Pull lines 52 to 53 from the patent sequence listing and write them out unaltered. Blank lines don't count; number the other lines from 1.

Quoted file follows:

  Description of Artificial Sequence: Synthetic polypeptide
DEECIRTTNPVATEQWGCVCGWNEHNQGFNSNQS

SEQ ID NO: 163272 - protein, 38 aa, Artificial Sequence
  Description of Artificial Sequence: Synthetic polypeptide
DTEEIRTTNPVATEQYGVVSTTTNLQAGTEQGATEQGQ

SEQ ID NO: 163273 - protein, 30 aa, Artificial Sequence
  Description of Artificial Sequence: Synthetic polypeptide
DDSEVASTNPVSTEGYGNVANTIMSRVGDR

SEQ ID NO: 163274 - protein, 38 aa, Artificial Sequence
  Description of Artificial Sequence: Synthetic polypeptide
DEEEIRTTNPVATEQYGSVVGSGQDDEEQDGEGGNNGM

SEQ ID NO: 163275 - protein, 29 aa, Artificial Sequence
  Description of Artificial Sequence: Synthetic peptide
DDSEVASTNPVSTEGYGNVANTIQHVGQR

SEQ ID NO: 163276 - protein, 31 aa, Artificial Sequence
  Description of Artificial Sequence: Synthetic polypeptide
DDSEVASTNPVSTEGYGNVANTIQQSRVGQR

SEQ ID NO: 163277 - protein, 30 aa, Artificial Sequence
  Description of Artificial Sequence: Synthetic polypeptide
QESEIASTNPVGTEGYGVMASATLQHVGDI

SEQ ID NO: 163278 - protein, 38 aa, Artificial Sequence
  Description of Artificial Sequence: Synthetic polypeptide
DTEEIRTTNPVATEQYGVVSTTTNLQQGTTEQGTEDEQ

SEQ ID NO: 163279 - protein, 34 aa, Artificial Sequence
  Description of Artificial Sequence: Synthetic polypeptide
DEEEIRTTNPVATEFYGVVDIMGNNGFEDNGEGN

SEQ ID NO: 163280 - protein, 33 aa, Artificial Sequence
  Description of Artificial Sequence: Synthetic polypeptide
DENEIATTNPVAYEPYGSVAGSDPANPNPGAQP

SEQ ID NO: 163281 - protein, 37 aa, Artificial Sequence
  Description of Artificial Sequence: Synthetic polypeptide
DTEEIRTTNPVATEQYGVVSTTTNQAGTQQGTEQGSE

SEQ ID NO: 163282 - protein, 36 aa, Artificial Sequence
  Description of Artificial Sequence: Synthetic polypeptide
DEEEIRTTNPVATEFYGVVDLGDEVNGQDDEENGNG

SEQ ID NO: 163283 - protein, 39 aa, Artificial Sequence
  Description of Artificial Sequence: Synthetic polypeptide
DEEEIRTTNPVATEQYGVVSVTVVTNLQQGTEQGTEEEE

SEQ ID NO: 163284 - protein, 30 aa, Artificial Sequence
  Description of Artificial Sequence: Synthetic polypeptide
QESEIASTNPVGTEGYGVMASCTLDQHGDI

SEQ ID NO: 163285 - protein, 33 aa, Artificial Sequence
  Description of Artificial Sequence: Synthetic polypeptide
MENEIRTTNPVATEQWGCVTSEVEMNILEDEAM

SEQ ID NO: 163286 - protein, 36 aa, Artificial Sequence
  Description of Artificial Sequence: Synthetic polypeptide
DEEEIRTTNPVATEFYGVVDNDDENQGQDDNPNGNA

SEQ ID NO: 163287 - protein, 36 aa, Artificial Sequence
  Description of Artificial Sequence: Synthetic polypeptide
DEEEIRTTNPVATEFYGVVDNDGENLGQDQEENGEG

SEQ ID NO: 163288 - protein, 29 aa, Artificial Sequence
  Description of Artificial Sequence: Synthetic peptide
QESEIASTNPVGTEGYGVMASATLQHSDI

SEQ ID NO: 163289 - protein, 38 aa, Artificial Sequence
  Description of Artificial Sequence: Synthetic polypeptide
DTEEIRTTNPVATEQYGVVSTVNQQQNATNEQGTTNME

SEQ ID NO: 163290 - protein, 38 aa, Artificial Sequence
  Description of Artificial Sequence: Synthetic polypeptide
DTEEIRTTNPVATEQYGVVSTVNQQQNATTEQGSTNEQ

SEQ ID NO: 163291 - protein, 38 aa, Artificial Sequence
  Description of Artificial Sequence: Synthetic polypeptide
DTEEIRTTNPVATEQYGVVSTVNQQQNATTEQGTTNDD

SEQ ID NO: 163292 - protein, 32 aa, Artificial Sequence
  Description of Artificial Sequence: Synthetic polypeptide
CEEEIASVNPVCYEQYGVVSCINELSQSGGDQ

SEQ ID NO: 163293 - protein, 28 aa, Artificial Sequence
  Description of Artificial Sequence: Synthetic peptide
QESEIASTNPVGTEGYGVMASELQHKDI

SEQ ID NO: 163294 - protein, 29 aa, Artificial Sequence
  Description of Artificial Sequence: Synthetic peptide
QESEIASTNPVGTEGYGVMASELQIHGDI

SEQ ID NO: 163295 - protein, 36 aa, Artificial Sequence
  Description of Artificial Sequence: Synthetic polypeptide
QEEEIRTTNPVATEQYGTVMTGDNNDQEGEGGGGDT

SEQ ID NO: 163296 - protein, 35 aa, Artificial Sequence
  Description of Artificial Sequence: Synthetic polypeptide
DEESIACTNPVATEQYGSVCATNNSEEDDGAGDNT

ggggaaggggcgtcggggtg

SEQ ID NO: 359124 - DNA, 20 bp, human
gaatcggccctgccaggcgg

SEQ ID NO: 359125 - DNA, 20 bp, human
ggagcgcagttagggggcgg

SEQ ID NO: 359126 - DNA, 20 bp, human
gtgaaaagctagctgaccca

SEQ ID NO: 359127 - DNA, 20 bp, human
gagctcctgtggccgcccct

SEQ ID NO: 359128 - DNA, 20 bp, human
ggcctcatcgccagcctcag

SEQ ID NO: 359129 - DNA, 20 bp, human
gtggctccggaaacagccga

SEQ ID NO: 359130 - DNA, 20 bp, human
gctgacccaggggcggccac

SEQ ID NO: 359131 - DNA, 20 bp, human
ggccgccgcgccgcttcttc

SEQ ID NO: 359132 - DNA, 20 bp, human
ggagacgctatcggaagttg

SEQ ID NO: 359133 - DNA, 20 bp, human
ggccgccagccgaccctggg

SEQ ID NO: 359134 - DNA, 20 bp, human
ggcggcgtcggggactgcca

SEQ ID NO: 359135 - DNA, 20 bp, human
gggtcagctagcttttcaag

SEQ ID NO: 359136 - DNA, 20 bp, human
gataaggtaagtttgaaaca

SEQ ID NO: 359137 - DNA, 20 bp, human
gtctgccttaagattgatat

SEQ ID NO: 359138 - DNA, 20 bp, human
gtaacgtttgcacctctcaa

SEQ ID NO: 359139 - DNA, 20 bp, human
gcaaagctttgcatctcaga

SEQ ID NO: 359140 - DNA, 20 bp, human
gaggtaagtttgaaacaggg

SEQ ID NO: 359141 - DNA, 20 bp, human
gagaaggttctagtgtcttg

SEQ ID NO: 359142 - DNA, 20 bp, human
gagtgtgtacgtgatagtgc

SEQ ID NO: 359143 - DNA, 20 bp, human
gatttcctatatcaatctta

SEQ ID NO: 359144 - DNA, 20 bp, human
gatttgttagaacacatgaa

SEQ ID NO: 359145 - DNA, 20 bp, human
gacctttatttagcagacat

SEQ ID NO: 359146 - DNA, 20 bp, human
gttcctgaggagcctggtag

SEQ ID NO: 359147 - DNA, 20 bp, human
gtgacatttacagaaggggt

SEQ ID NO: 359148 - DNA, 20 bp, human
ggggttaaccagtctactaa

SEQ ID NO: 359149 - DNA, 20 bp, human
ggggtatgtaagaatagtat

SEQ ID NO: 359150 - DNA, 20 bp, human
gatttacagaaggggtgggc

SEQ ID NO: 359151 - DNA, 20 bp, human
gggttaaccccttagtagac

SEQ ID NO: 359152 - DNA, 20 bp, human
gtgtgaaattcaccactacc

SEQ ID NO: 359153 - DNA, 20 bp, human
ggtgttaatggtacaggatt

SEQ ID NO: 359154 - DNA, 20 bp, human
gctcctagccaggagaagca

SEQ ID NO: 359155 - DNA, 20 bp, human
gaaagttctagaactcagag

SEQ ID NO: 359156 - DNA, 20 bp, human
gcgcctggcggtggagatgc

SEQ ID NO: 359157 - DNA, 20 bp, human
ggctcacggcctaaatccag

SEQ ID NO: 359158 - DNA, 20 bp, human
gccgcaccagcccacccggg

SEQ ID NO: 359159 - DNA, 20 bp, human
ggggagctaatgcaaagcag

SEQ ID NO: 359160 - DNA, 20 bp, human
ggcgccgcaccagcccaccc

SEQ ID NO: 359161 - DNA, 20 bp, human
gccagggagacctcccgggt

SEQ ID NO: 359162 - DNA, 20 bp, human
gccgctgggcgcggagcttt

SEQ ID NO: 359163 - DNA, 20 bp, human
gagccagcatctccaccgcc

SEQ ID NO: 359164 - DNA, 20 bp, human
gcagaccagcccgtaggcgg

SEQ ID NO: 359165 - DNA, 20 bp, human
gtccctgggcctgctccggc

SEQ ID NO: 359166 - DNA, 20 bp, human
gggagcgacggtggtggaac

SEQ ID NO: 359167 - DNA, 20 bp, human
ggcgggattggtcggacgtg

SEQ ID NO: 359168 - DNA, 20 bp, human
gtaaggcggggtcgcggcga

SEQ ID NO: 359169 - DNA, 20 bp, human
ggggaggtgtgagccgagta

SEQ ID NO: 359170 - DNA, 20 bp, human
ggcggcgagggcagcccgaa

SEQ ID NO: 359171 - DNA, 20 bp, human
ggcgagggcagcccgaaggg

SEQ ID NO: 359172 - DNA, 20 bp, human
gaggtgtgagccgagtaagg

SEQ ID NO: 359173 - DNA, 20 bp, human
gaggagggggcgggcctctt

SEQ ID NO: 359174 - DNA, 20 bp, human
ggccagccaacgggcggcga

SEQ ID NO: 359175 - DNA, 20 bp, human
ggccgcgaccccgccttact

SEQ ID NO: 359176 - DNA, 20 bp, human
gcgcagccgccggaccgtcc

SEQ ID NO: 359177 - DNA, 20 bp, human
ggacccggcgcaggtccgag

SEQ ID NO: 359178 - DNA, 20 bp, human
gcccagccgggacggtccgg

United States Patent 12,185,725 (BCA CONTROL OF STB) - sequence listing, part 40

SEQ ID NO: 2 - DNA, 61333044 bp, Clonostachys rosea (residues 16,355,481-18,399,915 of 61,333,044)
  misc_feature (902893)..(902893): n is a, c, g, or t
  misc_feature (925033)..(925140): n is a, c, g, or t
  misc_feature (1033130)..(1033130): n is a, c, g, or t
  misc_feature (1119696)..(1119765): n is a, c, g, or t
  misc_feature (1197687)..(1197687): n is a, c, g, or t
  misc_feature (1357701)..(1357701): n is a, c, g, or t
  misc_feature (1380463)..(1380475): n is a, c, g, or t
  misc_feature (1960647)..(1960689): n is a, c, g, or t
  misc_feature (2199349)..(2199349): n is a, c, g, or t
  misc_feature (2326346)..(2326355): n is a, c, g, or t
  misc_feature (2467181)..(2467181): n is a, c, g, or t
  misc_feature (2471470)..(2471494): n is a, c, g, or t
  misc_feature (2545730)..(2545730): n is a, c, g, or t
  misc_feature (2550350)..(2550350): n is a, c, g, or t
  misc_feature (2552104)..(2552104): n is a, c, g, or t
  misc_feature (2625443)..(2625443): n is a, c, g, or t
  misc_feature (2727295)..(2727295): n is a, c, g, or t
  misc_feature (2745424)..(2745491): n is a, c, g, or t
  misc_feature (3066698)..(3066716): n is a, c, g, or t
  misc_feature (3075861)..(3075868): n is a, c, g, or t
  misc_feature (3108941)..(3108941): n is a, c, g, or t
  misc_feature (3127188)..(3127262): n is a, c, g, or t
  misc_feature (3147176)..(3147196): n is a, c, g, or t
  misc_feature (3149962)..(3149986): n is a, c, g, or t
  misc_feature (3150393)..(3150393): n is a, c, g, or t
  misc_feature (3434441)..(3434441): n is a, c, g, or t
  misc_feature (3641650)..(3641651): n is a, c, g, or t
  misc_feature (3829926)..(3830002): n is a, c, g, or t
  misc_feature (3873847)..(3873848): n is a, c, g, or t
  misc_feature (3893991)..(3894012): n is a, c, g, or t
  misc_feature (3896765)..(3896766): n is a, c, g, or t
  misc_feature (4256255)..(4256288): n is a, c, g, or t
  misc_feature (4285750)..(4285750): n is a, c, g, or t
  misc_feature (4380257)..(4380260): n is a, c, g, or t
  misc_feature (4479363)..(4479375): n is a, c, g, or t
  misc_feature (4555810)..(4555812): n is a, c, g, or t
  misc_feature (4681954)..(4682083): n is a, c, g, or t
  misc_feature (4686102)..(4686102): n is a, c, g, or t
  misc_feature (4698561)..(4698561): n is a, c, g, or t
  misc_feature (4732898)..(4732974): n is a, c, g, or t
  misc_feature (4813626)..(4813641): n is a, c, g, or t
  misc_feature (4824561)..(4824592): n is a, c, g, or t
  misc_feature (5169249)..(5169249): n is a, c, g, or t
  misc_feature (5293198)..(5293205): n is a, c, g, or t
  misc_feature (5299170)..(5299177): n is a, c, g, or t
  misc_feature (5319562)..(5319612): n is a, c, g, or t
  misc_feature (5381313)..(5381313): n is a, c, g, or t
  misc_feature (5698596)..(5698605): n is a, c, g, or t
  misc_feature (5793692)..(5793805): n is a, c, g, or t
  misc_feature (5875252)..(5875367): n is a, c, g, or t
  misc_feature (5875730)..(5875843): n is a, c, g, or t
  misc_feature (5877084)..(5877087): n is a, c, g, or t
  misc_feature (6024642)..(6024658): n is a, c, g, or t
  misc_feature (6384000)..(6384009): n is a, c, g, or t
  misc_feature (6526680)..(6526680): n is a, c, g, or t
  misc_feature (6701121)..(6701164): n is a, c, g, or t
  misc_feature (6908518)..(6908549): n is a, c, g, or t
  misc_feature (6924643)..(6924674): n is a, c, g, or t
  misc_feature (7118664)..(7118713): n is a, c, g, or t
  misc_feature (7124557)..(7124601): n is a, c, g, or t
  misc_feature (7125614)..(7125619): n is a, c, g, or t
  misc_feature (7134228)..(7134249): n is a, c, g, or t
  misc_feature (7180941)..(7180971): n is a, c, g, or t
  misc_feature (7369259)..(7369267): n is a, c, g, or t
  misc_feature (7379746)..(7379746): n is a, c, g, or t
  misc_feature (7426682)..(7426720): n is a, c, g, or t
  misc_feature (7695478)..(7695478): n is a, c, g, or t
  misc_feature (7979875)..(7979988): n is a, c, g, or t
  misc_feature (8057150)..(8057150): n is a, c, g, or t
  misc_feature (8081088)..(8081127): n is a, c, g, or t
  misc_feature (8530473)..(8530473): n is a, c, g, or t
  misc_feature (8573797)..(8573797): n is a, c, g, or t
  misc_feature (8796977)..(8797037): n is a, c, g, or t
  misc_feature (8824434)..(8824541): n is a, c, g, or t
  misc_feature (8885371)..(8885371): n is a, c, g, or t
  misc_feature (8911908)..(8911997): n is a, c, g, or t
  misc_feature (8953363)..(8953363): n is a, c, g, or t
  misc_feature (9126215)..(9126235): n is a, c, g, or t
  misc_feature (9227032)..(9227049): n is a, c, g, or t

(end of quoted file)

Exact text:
  Description of Artificial Sequence: Synthetic peptide
QESEIASTNPVGTEGYGVMASATLQHSDI